Kapil Bhati, MD, Robbins Tunneling India, says apart from metro and water projects, hydro-power projects also provide a big business opportunity for tunnelling.
Where is the most tunnelling activity taking place at present?
Underground works in urban areas are the need of the hour. Mostly, all the cities in India are developing their underground metro transit systems, but Delhi is the first city to initiate this level of development and tops the chart. Phase-III of DMRC envisages 140 km of metro systems, out of which 50 km is underground. Chennai, Bangalore, Kochi, Jaipur, Lucknow, Ahmedabad and others join the list later.
What are the metro systems where you have been involved and where else will you be working?
Robbins India debuted in the year 2005 as a wholly owned subsidiary of the US based The Robbins Company. Since inception, we have supplied and worked in many water irrigation tunnels and metros across India. Robbins started with Delhi metro Phase-I, supplying two EPB TBMs, and then joined hands for Chennai Metro with AFCONS. Subsequently, Jaipur Metro came along and Robbins is now working for the Bangalore metro. Robbins has also been actively working in water irrigation projects and supplied three 10-m diameter double shield machines in Hyderabad and one hybrid machine in Madhya Pradesh. It completed a water transfer tunnel in Mumbai, using a 6.25-diameter main beam TBM and created an Indian record of boring 876 m in a single month. The Indian tunnelling industry has huge prospects and we see ourselves working in Mumbai Metro Phase – III, Lucknow Metro and Ahmedabad Metro, respectively.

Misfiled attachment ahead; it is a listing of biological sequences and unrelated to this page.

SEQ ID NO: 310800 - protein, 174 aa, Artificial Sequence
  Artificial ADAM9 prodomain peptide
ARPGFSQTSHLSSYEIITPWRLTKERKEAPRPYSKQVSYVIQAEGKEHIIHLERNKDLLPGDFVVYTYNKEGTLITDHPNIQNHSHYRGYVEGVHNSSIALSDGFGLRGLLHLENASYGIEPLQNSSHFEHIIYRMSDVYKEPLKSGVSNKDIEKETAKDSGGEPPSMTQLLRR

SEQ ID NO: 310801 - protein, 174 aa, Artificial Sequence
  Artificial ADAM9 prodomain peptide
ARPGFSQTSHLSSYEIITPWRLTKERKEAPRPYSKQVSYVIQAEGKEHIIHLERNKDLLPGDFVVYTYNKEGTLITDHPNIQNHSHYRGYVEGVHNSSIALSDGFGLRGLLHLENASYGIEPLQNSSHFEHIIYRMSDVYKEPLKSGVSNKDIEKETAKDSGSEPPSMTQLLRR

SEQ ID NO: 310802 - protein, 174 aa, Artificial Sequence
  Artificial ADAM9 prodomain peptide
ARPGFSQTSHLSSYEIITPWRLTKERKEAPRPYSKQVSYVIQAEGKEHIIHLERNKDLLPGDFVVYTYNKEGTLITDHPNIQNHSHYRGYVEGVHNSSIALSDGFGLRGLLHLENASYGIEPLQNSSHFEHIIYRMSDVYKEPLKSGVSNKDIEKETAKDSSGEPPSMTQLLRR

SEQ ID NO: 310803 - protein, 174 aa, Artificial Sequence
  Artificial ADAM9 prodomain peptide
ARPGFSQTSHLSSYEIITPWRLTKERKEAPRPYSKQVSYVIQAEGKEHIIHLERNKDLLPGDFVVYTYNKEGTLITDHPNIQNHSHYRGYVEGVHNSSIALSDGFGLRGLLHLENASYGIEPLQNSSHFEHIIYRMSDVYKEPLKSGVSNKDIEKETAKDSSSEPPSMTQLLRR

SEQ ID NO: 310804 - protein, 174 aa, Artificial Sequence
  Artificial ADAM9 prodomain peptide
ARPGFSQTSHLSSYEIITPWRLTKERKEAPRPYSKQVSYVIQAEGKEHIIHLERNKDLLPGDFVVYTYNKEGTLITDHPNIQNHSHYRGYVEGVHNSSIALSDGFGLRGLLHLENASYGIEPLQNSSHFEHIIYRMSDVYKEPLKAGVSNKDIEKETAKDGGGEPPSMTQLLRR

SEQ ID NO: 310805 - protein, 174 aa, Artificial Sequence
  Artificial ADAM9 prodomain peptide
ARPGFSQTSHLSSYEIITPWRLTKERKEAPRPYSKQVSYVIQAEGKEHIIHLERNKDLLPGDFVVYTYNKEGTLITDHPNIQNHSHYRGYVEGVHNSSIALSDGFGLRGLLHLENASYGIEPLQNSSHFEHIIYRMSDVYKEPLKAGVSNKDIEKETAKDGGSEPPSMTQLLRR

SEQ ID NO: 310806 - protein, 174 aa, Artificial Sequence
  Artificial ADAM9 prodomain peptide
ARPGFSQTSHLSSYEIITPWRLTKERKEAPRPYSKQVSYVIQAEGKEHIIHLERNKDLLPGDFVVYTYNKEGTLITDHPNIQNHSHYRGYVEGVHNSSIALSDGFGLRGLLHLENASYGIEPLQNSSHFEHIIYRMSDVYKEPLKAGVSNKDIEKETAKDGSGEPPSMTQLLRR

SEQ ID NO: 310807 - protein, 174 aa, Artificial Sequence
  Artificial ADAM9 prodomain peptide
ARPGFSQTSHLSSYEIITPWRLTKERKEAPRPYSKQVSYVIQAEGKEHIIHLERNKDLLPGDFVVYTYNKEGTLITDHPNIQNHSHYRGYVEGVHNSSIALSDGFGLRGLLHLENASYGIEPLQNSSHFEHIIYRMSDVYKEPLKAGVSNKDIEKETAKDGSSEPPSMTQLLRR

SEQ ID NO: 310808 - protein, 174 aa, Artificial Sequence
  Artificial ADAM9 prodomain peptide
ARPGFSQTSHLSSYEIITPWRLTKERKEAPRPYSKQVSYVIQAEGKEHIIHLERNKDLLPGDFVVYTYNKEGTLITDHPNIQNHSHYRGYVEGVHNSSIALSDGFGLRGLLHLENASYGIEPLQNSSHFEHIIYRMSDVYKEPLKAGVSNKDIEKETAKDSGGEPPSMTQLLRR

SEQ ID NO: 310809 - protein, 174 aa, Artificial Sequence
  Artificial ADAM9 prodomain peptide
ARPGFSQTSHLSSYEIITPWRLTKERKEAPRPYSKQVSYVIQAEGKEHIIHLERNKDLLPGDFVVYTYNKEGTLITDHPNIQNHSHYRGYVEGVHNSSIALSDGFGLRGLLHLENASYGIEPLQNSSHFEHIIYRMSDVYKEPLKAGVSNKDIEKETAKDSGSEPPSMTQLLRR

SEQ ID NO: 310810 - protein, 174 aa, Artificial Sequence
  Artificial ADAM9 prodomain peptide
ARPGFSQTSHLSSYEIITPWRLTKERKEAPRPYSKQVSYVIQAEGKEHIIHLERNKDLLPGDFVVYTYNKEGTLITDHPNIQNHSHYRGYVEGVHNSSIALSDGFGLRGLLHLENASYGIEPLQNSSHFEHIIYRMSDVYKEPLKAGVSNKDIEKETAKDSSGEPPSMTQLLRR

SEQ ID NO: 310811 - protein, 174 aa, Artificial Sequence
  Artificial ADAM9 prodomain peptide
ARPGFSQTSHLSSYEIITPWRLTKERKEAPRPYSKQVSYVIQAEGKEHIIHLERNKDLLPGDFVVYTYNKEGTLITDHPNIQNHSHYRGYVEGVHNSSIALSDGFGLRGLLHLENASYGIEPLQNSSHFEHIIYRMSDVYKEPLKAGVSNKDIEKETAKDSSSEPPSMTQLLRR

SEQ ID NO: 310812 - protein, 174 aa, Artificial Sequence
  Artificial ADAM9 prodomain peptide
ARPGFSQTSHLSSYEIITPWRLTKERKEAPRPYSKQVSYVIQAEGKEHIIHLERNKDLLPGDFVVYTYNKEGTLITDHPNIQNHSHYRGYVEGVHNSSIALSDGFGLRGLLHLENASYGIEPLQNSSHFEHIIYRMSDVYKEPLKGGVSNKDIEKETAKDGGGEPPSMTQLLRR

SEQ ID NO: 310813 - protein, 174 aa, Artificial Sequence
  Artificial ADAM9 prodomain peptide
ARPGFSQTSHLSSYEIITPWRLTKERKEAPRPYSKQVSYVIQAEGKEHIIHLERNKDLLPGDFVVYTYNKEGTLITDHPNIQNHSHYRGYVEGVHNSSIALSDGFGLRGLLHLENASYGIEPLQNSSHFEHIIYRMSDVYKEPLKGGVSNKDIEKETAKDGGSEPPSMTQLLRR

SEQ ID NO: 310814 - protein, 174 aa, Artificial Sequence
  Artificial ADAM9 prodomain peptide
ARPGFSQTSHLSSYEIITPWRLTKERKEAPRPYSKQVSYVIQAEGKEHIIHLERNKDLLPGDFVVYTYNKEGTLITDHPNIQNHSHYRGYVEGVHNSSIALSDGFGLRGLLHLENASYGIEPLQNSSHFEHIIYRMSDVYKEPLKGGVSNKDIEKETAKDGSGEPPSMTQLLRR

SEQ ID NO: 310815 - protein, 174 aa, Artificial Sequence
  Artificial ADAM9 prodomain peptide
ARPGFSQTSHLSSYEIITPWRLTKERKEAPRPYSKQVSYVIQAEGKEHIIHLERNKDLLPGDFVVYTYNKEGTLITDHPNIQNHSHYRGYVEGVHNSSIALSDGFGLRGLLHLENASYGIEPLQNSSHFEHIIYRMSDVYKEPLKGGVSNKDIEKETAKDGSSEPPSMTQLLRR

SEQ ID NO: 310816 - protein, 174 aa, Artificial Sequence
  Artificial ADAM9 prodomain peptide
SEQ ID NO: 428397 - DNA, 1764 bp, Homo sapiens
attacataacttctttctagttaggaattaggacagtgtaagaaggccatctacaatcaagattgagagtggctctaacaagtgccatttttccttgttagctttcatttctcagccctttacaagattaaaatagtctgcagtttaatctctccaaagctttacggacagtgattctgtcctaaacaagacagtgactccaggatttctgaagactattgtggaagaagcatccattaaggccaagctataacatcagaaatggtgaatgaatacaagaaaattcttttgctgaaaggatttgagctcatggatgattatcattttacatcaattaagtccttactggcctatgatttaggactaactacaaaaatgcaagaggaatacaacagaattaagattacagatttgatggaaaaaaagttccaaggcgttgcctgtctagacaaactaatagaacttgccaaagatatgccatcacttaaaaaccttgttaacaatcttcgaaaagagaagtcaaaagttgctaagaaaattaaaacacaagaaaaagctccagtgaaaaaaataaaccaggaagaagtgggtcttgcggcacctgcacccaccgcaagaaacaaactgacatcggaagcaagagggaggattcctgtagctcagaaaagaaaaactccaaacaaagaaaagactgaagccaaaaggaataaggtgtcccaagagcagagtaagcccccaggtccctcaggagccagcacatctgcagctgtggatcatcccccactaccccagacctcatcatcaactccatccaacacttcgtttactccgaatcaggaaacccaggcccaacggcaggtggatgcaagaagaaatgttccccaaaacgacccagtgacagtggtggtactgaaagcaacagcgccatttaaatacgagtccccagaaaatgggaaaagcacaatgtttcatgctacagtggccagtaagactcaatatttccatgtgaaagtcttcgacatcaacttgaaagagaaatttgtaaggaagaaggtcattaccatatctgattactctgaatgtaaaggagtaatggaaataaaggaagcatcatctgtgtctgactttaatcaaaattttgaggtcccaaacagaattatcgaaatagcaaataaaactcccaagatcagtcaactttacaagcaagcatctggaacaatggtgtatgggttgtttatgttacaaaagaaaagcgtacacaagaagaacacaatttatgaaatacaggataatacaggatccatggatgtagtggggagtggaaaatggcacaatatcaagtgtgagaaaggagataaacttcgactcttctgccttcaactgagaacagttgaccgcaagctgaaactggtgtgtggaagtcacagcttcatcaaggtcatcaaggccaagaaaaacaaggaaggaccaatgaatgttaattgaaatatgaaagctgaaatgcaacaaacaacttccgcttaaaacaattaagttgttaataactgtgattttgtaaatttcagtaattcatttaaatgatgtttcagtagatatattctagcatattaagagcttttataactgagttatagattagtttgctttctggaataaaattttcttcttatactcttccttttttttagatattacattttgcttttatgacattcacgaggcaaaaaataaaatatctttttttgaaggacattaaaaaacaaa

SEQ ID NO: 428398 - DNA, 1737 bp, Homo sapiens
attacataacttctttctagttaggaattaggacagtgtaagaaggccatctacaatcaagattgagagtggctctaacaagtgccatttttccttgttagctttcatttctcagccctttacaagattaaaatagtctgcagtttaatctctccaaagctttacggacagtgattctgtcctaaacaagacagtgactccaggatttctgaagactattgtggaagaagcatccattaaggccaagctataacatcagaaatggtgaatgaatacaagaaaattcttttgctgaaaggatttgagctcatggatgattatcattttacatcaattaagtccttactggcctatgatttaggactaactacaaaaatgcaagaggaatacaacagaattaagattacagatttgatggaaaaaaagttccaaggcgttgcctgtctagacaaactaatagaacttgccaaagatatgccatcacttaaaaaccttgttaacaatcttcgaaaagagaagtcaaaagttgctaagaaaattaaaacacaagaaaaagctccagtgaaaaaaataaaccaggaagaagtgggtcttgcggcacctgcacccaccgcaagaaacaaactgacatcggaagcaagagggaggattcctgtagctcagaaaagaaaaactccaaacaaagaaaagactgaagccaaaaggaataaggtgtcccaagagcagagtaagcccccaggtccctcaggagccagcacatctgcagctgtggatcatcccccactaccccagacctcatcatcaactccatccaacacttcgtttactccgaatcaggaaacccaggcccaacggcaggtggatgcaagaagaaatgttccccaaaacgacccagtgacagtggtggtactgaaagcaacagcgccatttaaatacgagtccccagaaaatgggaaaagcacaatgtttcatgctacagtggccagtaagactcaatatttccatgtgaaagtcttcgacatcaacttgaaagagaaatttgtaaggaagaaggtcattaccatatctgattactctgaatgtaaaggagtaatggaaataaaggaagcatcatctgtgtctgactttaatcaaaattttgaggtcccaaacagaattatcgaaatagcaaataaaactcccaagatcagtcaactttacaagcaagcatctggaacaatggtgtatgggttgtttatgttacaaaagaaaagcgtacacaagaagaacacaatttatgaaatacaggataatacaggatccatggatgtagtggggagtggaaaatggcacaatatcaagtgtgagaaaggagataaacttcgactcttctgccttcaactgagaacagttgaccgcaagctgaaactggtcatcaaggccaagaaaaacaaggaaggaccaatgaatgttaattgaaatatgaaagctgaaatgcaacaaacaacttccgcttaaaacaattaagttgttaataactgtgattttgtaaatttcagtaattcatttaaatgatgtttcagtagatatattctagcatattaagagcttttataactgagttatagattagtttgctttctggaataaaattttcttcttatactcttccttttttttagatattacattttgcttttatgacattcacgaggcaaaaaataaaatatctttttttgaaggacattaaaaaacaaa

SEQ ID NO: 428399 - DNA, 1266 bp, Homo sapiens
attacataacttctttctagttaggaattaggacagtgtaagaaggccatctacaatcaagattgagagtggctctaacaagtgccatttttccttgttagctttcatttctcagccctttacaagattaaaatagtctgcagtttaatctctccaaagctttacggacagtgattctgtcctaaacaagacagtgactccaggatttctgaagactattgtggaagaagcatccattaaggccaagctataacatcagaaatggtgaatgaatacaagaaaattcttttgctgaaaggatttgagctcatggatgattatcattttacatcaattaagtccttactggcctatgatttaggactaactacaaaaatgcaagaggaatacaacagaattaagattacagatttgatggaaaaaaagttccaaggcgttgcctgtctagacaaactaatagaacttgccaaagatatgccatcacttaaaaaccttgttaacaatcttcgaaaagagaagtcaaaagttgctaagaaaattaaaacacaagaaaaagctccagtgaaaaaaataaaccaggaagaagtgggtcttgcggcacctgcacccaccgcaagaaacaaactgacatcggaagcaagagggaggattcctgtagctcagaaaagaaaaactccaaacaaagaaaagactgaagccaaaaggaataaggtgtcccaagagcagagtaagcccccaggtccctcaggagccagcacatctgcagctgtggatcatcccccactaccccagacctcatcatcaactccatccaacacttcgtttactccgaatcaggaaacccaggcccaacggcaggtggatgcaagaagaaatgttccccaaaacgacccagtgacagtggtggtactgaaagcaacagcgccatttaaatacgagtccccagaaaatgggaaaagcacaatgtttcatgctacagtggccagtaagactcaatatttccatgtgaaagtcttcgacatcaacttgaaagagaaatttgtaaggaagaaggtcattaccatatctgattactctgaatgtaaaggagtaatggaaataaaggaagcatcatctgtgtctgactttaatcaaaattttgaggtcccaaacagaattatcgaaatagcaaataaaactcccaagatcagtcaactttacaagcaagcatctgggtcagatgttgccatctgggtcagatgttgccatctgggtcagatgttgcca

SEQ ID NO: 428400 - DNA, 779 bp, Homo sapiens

What has been the experience so far in using TBM in India?
India is one of the fastest growing markets for tunnel construction. Tunnelling with tunnel boring machines (TBM) has proved to be cost-effective and a faster alternative to the old drilling and blast method (DBM). TBM has been found suitable for any type of rock and geology. A positive factor in favour of TBM is faster and smooth tunnelling without much disturbance to the surrounding rock mass.
What are the global advances in TBMs?
In order to overcome hurdles due to hard rock, we have developed a new type of TBM which are named the Crossover series. This machine features the characteristics of both single shield hard rock machines and EPBs for efficient excavation in urban areas.
What are the opportunities in the hydro-power sector in the Himalayan region?
India has an immense hydro-power potential to the tune of 84,000 MW, a major chunk of which is in the Himalayas. The surge in power demand in the country has necessitated an increased thrust on development of hydroelectric projects in India. This is growing daily.
What are the geological challenges of tunnelling in the Himalayas?
Tunnels are important elements of infrastructure projects and are used in hydro-power, transportation, water supply and sewerage systems, etc. Their construction involves many complexities in terms of different shapes, soil, rock conditions, alignments, etc.
Himalayas are a mountain chain with complex geologies. The tunnelling activities in various projects here are impacted by diverse geological problems such as different terrain conditions, thrust zones, shear zones, folded rock sequence, ingress of water and geothermal gradients. The tunnelling methods used are: i) Conventional Method; ii) Mechanised Method. Drilling & blasting and New Austrian Tunnelling Method (NATM) are conventional methods while the latter includes Road headers and TBMs. All these methods are widely used across different sectors.
What are the new technologies and equipment used?
Factors that determine the selection of method to excavate a tunnel depend upon the geology, economy and sociological factors. At times, geological factors affect the economics of a project. In the present scenario, all the methods mentioned above are readily used and popular for making tunnels in hydro projects, water irrigation, transportation and sewerage systems.
What is the importance of geo-technical site investigations?
Unforeseen ground conditions represent a huge area of risk; construction contracts either have to allocate the risk to a single party or share the risk with them. The traditional method of controlling such risks has been through the use of thorough site investigation and competent geo-technical designs, aiming to produce a robust scheme, well matched to the expected ground conditions.